Going on a cruise? Watch out for the notorious norovirus

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    The Queen Elizabeth 2 docked at Honolulu Harbor in 2007. Federal public health officials boarded the ship to examine a stomach flu outbreak on the ship. The Centers for Disease Control and Prevention reported 276 passengers and 28 crew members had come down with norovirus. (AP Photo/Marco Garcia)

    The Queen Elizabeth 2 docked at Honolulu Harbor in 2007. Federal public health officials boarded the ship to examine a stomach flu outbreak on the ship. The Centers for Disease Control and Prevention reported 276 passengers and 28 crew members had come down with norovirus. (AP Photo/Marco Garcia)

    If you’ve ever spent a day crawling back and forth between your bed and the bathroom – secretly wishing you were dead just so that the vomiting and diarrhea would stop – chances are, you suffered from norovirus.

    Under a microscope, the virus looks a bit like a fuzzy ball, perhaps something that could hang from a Christmas tree. It loves summer camps, cruise ships, hospitals, college dorms – anywhere where lots of people are sharing bathrooms and other spaces. And when it strikes in close quarters, it can spread quickly, sickening dozens, or even hundreds, of people.

    New York City real estate agent Sienam Lulla has some terrible memories involving this virus.

    She was hit on a cruise ship, after she had spent four months planning what she thought would be the ultimate Caribbean dream trip for her husband, Vik, and their two boys– Ari, who was five, and Devon, who was three.

    “They were absolutely thrilled,” Lulla says. “We had done a cruise a year back with their grandparents and they had really, really enjoyed that, so they had been asking, especially the five year old, he had been asking when we should go on a cruise again.”

    When the time came, they flew to Florida, where they boarded the ship. Everything was great until day two. Seinam noticed something was off when they sat down to dinner.

    “I ate the appetizer and I wasn’t feeling very good after that,” she says. “And I couldn’t eat the rest of my dinner. I went back to my room, and I was very sick.”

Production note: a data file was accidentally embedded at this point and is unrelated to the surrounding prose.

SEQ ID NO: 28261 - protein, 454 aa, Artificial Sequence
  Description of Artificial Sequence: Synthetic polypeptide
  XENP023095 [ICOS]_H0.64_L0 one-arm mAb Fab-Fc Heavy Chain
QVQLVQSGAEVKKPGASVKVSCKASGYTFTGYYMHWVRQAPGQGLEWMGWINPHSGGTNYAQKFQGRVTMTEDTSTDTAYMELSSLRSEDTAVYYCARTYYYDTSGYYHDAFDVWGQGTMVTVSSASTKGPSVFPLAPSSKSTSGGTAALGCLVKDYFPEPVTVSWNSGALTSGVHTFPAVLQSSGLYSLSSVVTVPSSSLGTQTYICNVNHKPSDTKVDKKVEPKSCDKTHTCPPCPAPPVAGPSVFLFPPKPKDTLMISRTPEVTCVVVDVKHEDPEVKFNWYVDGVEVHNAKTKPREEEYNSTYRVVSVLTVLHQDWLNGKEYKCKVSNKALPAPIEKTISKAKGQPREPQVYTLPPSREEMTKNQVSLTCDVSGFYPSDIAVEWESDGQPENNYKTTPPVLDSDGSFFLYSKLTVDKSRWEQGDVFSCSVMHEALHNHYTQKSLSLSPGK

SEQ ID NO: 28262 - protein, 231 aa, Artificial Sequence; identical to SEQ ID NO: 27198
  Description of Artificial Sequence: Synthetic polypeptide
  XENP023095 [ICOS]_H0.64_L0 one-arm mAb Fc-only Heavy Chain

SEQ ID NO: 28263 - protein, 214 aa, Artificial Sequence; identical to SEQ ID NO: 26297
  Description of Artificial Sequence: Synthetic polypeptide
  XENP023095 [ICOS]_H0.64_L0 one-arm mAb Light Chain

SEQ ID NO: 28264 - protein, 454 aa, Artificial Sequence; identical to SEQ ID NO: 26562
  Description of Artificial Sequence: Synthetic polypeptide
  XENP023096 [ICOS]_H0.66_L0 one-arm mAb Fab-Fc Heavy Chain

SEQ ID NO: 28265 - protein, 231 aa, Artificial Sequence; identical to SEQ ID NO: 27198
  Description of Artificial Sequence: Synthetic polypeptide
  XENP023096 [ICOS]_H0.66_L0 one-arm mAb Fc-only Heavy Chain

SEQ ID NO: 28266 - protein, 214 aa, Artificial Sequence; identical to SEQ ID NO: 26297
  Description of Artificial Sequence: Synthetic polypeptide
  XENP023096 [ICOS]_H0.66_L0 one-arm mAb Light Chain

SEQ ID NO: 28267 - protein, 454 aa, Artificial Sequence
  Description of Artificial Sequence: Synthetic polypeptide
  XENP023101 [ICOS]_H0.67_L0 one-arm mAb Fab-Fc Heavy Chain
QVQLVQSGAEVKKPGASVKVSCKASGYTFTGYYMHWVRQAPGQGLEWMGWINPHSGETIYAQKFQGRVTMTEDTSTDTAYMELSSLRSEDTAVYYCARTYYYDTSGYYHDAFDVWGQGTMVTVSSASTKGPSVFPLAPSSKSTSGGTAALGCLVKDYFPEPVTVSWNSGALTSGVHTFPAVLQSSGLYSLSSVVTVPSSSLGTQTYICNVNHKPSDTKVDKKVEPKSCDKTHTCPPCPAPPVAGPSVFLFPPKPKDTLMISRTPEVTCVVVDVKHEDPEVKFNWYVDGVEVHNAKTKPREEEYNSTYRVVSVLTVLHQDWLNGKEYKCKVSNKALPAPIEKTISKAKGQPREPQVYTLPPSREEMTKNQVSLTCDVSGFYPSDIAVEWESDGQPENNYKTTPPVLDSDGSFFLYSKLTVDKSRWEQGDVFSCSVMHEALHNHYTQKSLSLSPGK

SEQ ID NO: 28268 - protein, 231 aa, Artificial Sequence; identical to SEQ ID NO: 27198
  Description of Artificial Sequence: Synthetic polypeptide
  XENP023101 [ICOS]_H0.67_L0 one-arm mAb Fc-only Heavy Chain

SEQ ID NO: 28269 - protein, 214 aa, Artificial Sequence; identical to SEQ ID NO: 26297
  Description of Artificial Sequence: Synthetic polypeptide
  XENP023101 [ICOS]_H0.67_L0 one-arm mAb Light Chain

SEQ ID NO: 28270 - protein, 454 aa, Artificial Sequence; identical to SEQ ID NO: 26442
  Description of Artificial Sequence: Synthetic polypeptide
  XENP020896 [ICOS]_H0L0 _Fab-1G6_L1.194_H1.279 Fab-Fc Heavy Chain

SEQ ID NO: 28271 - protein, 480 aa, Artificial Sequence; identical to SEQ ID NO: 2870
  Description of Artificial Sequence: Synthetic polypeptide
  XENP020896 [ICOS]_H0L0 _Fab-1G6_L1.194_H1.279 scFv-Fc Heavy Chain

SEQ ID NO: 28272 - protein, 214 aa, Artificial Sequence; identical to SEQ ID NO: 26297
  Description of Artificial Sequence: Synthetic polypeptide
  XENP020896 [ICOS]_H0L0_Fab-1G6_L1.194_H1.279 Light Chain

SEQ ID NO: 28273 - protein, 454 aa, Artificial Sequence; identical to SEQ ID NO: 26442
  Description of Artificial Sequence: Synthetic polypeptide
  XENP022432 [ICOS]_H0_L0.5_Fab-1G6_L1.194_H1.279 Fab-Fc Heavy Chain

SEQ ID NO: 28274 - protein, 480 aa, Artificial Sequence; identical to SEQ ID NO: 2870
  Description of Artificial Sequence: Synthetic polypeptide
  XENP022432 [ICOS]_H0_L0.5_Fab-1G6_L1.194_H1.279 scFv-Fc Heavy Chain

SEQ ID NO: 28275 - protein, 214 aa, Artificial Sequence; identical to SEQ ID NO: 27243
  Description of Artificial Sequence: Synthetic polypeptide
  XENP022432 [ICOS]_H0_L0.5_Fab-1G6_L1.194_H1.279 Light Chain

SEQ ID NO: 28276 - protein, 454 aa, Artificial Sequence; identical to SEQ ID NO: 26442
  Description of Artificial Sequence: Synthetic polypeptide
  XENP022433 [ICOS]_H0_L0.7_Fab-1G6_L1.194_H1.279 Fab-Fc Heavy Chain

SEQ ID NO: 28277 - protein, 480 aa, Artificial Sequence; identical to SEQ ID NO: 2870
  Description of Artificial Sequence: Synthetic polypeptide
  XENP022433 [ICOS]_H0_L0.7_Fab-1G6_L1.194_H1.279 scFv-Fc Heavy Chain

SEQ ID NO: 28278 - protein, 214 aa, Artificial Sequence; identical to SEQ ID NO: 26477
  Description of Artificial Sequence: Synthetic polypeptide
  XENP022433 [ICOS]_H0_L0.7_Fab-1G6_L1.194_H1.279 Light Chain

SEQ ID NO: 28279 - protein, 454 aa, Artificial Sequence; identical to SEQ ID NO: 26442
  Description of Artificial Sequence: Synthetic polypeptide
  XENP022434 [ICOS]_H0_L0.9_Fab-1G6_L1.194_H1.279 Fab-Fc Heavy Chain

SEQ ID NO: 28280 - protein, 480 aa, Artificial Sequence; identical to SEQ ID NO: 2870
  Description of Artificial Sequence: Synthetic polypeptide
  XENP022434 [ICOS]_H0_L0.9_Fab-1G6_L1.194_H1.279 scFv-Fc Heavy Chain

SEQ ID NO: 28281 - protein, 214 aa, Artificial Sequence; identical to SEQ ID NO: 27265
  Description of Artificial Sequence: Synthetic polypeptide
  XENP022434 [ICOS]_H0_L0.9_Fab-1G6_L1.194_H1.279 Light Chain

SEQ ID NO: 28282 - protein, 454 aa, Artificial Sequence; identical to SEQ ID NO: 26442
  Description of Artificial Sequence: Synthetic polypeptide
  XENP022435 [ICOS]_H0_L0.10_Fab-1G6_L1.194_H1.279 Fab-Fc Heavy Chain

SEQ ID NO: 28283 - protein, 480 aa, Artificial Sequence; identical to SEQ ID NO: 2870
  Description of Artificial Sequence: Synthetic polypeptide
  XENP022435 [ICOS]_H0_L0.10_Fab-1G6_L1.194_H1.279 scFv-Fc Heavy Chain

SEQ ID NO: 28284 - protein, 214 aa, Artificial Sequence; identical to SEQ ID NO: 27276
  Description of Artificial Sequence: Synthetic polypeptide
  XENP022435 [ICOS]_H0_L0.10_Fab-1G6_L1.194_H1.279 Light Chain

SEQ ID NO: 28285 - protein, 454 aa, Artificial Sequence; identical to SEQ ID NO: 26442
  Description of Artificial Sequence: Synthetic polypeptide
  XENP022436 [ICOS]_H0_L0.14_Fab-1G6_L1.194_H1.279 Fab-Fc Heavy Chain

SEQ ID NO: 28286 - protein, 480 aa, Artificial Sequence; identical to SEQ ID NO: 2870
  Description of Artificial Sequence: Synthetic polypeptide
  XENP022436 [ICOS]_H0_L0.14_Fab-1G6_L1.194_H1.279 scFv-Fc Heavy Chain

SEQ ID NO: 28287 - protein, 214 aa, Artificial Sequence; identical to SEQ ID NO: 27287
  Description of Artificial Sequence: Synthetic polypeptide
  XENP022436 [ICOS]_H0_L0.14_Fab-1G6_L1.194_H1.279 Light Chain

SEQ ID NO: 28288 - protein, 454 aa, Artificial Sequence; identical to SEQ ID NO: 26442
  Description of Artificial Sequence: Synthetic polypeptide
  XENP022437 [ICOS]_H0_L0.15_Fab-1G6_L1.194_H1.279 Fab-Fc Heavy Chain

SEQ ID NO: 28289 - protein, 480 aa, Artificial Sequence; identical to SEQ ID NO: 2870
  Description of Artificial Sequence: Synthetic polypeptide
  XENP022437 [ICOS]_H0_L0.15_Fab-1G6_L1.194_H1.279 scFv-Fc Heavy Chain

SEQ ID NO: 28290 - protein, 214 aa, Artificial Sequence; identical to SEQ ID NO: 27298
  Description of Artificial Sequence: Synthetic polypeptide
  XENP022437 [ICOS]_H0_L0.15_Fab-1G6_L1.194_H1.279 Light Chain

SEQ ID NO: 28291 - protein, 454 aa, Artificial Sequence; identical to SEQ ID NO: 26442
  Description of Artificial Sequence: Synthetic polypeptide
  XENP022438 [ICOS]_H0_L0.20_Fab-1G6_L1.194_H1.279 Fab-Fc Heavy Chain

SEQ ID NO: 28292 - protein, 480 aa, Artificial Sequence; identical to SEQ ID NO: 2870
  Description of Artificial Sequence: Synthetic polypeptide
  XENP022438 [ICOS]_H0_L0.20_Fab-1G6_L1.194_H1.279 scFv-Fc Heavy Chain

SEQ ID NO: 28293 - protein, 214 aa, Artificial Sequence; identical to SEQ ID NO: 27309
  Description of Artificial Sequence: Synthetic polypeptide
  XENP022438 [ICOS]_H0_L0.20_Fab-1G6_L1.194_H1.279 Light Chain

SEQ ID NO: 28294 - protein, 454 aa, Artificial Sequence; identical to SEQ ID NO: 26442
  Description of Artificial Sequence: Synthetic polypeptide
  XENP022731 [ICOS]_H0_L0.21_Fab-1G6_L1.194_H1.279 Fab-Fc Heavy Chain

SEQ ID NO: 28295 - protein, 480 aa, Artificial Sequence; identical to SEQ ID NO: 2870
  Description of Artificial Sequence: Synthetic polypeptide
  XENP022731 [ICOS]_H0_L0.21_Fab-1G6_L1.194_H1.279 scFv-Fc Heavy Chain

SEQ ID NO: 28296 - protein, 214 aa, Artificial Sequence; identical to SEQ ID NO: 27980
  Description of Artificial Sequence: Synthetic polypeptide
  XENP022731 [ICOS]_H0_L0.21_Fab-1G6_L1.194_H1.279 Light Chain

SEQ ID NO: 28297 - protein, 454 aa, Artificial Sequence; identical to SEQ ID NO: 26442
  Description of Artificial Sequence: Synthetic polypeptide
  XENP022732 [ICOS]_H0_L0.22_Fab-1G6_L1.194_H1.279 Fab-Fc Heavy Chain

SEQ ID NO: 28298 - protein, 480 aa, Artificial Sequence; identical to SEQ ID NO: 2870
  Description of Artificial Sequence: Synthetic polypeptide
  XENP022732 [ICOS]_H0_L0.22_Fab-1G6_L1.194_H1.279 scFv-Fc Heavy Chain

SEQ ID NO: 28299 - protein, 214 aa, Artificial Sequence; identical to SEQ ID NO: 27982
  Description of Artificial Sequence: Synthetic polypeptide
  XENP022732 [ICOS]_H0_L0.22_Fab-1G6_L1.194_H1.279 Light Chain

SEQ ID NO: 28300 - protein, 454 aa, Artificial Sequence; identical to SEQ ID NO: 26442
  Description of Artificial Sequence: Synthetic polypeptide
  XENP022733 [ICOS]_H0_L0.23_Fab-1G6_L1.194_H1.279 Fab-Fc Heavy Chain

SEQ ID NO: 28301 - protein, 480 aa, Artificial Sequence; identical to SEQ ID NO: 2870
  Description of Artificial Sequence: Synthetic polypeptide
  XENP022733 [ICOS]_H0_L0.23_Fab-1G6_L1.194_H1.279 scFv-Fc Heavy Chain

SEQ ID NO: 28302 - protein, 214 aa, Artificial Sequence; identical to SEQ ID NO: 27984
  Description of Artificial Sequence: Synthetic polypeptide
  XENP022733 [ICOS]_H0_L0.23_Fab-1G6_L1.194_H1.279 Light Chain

She was projectile vomiting, her stomach was in pain, and she had diarrhea. “The whole night it was me, the bed, and the bathroom,” she says.

    The next day, she couldn’t get out of bed. And that continued until day four, when she finally began to feel better. And then, the virus struck again.

    This time it hit her 5-year-old son, who went through the same cycle–violent vomiting, diarrhea, and an inability to eat anything. By day five, he started to feel better–and the virus struck his three-year-old brother. The younger boy was still sick when the cruise ended two days later.

    “If you get infected with norovirus, it came from another person,” said epidemiologist Aron Hall at the Centers for Disease Control and Prevention. “Through direct contact with that person or that person’s fecal matter ends up in your food, or in your water, or left on a surface that you go and touch and then put your hands in your mouth.”

    Hall says there are about 20 million cases each year in the U.S., and those infections lead to about 700,000 hospitalizations and more than 800 deaths–mostly in young children and those over 65. There are no treatments, except for treating the symptoms–mainly dehydration–and waiting it out.

    “Anybody who has been infected by norovirus and gotten sick from it will tell you there is nothing good about it,” said Ken Cadwell, a microbiologist at New York University’s School of Medicine. Cadwell studies stomach bugs and their interactions with the immune system, and he is investigating some redeeming qualities of this awful virus.

    “We recently found that a mouse norovirus can be beneficial and act as part of the intestinal environment and serve a role similar to bacterial members of the microbiome. A big question for us is how is the norovirus functioning this way and how can it be beneficial? Is it different from the way bacteria are beneficial?”

    Cadwell is trying to figure out when the norovirus is a benign actor – and what turns it into a hostile agent.

    And as for the awful vomiting and diarrhea that comes with this virus – Cadwell says nobody knows why that happens. It could be that the body is trying to clear out the virus–a defensive reaction–but the mechanism is not yet understood.

    And you can catch this virus over and over again. Because–just like flu–there are many types. Developing a vaccine could be tricky says Cadwell:

    “Ideally, you would have to make a vaccine that could target many of these norovirus strains, probably starting with the most common circulating ones.”

    Seinam Lulla says she’s managed to stay clear of the virus since her ruined trip.

    “This was the most horrific experience of my life. And I’ve grown up in India, it’s a tropical country, we get a lot of stomach bugs over there because of the monsoon season and stuff, but this has got to be the absolute worst. I’ve never been hit with anything that bad.”

    She swears she will never take a cruise again.

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